December 1993
Volume 34, Issue 13
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Articles  |   December 1993
Complete elimination ('cure') of progressively growing intraocular tumors by local injection of tumor-specific CD8+ T lymphocytes.
Author Affiliations
  • S Miki
    Department of Microbiology and Immunology, University of Miami Medical School, Florida 33101.
  • B Ksander
    Department of Microbiology and Immunology, University of Miami Medical School, Florida 33101.
  • J W Streilein
    Department of Microbiology and Immunology, University of Miami Medical School, Florida 33101.
Investigative Ophthalmology & Visual Science December 1993, Vol.34, 3622-3634. doi:
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      S Miki, B Ksander, J W Streilein; Complete elimination ('cure') of progressively growing intraocular tumors by local injection of tumor-specific CD8+ T lymphocytes.. Invest. Ophthalmol. Vis. Sci. 1993;34(13):3622-3634.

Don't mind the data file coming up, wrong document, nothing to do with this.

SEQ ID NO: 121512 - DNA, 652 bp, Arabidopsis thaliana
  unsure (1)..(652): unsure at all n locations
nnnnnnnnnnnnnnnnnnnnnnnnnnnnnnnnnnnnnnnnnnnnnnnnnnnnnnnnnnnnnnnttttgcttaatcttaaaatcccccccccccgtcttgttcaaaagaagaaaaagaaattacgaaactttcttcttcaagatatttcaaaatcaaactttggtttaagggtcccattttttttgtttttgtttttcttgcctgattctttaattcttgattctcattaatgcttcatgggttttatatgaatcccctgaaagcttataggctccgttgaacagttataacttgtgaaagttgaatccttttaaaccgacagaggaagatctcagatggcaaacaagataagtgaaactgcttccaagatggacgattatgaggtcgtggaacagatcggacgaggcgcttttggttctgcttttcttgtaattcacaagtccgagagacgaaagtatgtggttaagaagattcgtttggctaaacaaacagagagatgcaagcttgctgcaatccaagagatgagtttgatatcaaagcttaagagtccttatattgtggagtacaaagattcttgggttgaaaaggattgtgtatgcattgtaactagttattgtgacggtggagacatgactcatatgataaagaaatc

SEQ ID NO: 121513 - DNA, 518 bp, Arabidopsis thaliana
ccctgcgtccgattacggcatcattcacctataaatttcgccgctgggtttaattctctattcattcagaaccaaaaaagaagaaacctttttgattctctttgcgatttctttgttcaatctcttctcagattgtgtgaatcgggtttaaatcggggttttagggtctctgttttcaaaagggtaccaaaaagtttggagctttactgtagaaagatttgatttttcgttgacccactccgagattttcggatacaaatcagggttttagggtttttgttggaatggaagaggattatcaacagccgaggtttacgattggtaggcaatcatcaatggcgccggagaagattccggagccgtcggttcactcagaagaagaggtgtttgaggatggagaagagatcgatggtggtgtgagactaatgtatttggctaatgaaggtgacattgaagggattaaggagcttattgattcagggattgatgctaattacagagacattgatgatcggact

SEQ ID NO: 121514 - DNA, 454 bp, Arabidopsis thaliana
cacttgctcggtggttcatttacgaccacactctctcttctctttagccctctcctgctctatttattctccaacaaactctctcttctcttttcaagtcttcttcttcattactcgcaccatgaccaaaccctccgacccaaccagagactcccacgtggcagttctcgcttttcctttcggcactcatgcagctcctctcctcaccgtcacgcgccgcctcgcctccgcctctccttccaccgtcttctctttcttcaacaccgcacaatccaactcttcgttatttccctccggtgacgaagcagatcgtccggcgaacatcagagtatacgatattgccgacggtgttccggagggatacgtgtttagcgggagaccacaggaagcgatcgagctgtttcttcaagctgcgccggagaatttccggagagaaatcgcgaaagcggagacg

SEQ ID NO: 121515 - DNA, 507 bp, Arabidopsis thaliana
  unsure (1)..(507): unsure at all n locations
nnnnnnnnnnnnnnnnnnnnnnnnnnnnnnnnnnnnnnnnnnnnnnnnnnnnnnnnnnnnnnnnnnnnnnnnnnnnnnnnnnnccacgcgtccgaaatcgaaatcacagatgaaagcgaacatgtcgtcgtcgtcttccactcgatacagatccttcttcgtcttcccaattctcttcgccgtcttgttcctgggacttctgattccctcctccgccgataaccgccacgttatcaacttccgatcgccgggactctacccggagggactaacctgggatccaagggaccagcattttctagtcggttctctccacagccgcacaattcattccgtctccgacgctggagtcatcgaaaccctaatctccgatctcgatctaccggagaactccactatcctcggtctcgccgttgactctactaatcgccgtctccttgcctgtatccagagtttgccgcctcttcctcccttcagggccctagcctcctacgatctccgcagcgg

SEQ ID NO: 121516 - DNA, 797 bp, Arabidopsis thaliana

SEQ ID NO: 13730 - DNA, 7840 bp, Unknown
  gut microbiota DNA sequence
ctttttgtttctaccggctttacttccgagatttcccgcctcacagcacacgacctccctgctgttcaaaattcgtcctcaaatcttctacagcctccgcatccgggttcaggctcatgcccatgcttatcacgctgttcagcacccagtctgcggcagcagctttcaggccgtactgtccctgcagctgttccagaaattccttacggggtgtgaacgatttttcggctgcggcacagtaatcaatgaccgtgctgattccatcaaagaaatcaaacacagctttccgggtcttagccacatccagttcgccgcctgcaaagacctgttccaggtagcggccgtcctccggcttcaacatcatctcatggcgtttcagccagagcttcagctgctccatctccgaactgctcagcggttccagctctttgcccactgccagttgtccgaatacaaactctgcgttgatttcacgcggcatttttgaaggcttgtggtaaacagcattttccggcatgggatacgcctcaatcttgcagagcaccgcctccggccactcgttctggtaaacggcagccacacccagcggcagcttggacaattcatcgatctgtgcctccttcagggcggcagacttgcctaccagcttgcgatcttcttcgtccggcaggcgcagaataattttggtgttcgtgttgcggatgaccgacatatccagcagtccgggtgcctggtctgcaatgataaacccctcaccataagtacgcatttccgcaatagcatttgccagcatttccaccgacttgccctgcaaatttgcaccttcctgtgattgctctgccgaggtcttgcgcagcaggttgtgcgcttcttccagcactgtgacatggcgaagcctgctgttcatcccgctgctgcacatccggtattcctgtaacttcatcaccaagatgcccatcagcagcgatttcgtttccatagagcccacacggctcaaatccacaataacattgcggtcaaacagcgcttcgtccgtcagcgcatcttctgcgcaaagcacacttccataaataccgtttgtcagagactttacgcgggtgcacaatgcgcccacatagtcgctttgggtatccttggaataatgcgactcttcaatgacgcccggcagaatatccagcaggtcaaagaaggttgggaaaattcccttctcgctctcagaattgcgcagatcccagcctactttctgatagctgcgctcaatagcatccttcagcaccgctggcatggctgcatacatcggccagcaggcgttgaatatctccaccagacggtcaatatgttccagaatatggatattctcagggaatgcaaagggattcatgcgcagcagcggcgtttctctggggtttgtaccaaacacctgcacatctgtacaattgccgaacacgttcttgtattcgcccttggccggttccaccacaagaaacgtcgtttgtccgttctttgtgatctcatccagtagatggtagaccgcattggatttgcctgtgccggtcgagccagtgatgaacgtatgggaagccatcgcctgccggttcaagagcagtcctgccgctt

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Abstract

PURPOSE: The purpose of this study was to examine if anterior chamber tumors could be eliminated by adoptive immunotherapy. METHODS: Precursor T cells were recovered from lymph nodes draining subconjunctival space or anterior chamber tumors and restimulated in vitro to obtain fully functional tumor-specific CD8+ cytolytic T cells. RESULTS: Subconjunctival space tumor-derived cytolytic T cells eliminated tumors completely when injected simultaneously into the eye with the tumor cells, or when the anterior chamber injection was delayed for up to 3 days. In vitro restimulated cytolytic T cells obtained from lymph nodes draining progressively growing anterior chamber tumors were as effective as those obtained from lymph nodes draining subconjunctival space tumors, indicating that mice with anterior chamber tumors possess precursor cytotoxic T cells with the potential to differentiate into cytolytic T cells capable of eliminating intraocular tumors. By determining the frequency of tumor-specific cytolytic T cells in the effector cell inocula, it was estimated that cures of intraocular tumors are possible when the ratio of cytolytic T cells to tumor cells is less than 1:50, and the total tumor burden at the time of adoptive immunotherapy is less than 80,000 viable tumor cells. CONCLUSIONS: It was concluded that terminally differentiated, antigen-specific, cytotoxic T cells injected directly into an intraocular tumor site are capable of eliminating the tumor, and may represent a mode of ocular tumor immunotherapy in the future.

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